This weeks posting is a response to a radio broadcast on NPR. A link to the full broadcast can be found here. This news piece explained about a situation in Berlin involving a bombed out building from WW II that has been taken over by artists.

The story explains that upon the fall of the Berlin Wall in the late 1980's, a community of artists developed in what was once a large department store. This store had been heavily damaged by allied bombing at the end of WW II, and remained neglected throughout the Cold War due to its close proximity to the Berlin Wall. Eric Westervelt, the NPR reporter, explained how after the wall fell, artists moved in to the building and used it as a makeshift community to create and sell art. They have been doing this for the past 20 years. The reporter went on to describe how the buildings current owners now want to evict the artists and set up a new commercial tourist district on this site. The artists have banded together and are refusing to leave. It's become a legal issue and is set to go to court.

I found this piece interesting, but I do take issue with one thing that Westervelt said. He identified the artists as "squatters," however if you listen closely, the artists have always paid rent. It was a very low rent, but they have always paid their part. I don't necessarily think they could be labeled as squatters.

My second comment relates to something one of the artists interviewed said. Kuri Haran, an artist from Japan said that this was a unique place, but I'm not so sure it is. I know of several cities and towns in the United States that are trying to establish themselves as artist communities. These cities offer artists low interest loans to develop their studios and galleries in what are often historically important examples of American Architecture. The hope is that artists will move in, and bring a vibrant new life to communities that are struggling. As far as I know, these new artist communities have been met with some success. This is very similar to the community established by the artists in Berlin.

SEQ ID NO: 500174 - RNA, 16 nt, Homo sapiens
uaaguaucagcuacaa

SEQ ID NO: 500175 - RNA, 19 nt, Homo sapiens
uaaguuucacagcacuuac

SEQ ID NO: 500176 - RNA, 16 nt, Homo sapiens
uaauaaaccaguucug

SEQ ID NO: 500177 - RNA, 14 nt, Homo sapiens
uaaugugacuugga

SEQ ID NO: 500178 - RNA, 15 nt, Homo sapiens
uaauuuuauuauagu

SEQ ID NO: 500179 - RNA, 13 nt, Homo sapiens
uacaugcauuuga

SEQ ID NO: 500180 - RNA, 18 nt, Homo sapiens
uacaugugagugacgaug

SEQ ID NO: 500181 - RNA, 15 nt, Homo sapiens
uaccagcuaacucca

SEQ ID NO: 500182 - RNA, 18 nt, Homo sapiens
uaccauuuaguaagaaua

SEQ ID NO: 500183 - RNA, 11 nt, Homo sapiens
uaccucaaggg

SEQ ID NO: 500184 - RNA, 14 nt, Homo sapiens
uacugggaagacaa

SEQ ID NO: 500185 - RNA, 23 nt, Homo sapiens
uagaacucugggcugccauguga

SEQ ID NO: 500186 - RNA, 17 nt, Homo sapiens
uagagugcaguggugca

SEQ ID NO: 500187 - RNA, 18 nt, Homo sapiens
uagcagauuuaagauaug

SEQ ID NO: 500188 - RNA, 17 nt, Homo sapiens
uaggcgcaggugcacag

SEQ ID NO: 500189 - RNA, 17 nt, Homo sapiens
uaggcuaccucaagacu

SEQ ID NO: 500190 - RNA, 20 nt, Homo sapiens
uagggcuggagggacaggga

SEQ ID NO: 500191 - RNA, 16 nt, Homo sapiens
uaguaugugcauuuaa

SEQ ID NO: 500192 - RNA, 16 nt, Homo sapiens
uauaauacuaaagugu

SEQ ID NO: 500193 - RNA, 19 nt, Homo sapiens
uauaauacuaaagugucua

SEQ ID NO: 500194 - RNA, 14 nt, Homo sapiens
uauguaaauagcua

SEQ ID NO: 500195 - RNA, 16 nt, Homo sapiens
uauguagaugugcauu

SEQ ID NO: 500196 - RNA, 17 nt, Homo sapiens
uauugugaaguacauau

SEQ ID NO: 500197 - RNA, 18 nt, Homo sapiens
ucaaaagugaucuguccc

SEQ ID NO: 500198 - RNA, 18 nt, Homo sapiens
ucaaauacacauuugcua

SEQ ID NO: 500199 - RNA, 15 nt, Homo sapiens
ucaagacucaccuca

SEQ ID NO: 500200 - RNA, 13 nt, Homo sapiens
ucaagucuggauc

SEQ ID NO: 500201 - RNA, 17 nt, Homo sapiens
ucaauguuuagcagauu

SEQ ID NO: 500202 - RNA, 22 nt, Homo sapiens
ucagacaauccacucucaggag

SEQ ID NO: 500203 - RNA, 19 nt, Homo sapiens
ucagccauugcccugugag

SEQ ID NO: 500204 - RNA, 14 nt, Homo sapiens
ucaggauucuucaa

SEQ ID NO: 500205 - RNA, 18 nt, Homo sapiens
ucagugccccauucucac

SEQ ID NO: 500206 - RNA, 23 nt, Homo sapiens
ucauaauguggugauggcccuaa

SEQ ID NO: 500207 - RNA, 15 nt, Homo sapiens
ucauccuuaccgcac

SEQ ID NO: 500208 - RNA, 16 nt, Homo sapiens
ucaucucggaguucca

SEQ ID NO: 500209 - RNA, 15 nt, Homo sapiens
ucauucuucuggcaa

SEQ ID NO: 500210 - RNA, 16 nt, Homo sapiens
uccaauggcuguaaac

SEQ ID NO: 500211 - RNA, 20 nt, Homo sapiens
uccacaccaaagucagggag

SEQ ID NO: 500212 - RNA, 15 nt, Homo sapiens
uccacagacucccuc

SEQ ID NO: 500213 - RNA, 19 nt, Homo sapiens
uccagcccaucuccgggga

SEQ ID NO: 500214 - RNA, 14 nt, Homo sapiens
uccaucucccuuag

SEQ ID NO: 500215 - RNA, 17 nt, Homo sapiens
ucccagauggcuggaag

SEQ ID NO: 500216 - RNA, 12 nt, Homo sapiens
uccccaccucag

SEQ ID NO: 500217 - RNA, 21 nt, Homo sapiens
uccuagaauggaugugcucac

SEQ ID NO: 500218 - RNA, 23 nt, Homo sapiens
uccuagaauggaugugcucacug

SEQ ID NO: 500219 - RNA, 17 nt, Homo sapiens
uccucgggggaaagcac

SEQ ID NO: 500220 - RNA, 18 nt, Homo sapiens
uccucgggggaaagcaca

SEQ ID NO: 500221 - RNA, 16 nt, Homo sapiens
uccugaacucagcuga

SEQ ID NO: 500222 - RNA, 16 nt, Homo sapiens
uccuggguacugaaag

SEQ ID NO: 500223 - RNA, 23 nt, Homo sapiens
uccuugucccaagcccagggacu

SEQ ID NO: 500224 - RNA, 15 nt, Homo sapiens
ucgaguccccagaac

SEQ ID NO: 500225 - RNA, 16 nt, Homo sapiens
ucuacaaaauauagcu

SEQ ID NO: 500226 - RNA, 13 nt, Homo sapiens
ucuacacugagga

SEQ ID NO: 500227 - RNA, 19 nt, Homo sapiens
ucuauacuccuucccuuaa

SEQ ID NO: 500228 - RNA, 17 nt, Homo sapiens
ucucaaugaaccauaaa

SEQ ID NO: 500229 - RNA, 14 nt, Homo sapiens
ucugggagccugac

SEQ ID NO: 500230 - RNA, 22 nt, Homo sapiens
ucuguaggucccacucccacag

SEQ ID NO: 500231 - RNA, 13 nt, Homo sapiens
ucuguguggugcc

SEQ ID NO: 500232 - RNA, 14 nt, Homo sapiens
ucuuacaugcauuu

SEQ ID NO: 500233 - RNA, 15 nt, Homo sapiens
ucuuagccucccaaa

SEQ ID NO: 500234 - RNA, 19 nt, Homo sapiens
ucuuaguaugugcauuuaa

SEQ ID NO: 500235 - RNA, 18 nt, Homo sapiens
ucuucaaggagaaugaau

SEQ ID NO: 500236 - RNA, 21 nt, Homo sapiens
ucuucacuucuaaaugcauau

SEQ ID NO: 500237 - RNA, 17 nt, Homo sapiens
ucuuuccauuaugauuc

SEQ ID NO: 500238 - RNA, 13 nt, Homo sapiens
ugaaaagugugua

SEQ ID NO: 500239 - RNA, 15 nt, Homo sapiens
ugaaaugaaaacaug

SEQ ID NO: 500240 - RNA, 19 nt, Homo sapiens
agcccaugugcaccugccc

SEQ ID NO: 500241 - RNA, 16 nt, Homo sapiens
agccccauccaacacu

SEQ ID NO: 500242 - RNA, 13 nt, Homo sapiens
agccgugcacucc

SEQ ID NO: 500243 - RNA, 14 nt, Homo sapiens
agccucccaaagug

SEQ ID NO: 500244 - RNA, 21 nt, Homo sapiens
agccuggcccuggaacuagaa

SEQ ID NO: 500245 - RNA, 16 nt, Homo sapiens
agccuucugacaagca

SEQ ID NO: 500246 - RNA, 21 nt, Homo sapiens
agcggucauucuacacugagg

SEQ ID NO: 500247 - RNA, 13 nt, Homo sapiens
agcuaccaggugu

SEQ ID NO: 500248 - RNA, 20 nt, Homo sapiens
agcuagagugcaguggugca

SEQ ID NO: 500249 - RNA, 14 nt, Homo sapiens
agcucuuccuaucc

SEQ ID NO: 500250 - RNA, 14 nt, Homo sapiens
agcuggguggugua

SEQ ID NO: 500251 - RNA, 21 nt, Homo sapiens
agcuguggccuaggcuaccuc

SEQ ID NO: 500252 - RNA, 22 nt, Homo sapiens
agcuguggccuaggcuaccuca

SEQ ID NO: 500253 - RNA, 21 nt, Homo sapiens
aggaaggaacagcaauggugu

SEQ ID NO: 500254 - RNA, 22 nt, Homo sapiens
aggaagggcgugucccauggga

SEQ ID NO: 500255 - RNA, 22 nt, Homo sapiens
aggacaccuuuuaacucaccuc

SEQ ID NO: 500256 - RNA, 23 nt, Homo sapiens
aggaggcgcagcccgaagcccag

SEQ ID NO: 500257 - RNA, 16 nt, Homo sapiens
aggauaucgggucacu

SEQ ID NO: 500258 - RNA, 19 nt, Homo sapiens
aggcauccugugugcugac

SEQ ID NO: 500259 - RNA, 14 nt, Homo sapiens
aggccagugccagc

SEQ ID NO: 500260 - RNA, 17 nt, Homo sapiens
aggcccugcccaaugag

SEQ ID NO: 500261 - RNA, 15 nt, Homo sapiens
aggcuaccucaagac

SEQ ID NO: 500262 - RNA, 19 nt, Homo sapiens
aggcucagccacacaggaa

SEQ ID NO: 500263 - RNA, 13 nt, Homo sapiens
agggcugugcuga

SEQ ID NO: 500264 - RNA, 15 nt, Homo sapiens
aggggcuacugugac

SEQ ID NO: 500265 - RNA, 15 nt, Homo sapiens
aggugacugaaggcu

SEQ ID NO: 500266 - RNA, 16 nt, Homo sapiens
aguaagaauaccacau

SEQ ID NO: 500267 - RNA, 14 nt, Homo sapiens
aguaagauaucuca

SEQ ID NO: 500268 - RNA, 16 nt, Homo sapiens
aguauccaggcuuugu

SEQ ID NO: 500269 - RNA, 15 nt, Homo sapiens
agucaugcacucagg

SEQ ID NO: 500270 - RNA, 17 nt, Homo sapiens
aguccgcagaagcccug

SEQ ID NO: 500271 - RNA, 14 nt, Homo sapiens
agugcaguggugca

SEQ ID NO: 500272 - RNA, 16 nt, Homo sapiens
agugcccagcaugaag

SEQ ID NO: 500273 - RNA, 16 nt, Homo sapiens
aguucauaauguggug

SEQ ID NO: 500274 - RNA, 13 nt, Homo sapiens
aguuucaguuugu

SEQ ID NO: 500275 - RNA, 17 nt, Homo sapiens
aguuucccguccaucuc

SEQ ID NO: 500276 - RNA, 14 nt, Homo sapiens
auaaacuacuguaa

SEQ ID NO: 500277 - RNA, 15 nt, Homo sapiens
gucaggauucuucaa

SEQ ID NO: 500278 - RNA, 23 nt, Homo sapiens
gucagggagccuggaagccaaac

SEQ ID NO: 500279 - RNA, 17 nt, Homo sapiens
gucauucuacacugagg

I'm not sure the artists should be removed from the building in Berlin. I think the established community of artists could work closely with the buildings owners to create a new environment to work and sell their art. Perhaps the art towns of the United States could serve as an example. If you have comments, leave them below, and I will see you next week.

Tuesday, August 11, 2009

Southern Illinois Artists Open Competition

This weeks post is about my experience in the Southern Illinois Artists Open Competition and Exhibition (SIOAC). The website for this exhibition can viewed by clicking here.

I'd like to thank the judges and the staff of Cedarhurst for allowing me to compete in this exhibition. Although I didn't win, the display of work was exceptional, and I feel humbled and honored through my participation. I would include some images from the show, but I do not have any. Instead, if you are in or around Mt. Vernon, Illinois I suggest you stop in at the Cedarhusrst Center for the Arts and view the show for yourself. It's very good.

Thats it for this week. Post your comments, and I will respond.

Sunday, August 2, 2009

Why don't art schools teach presentation?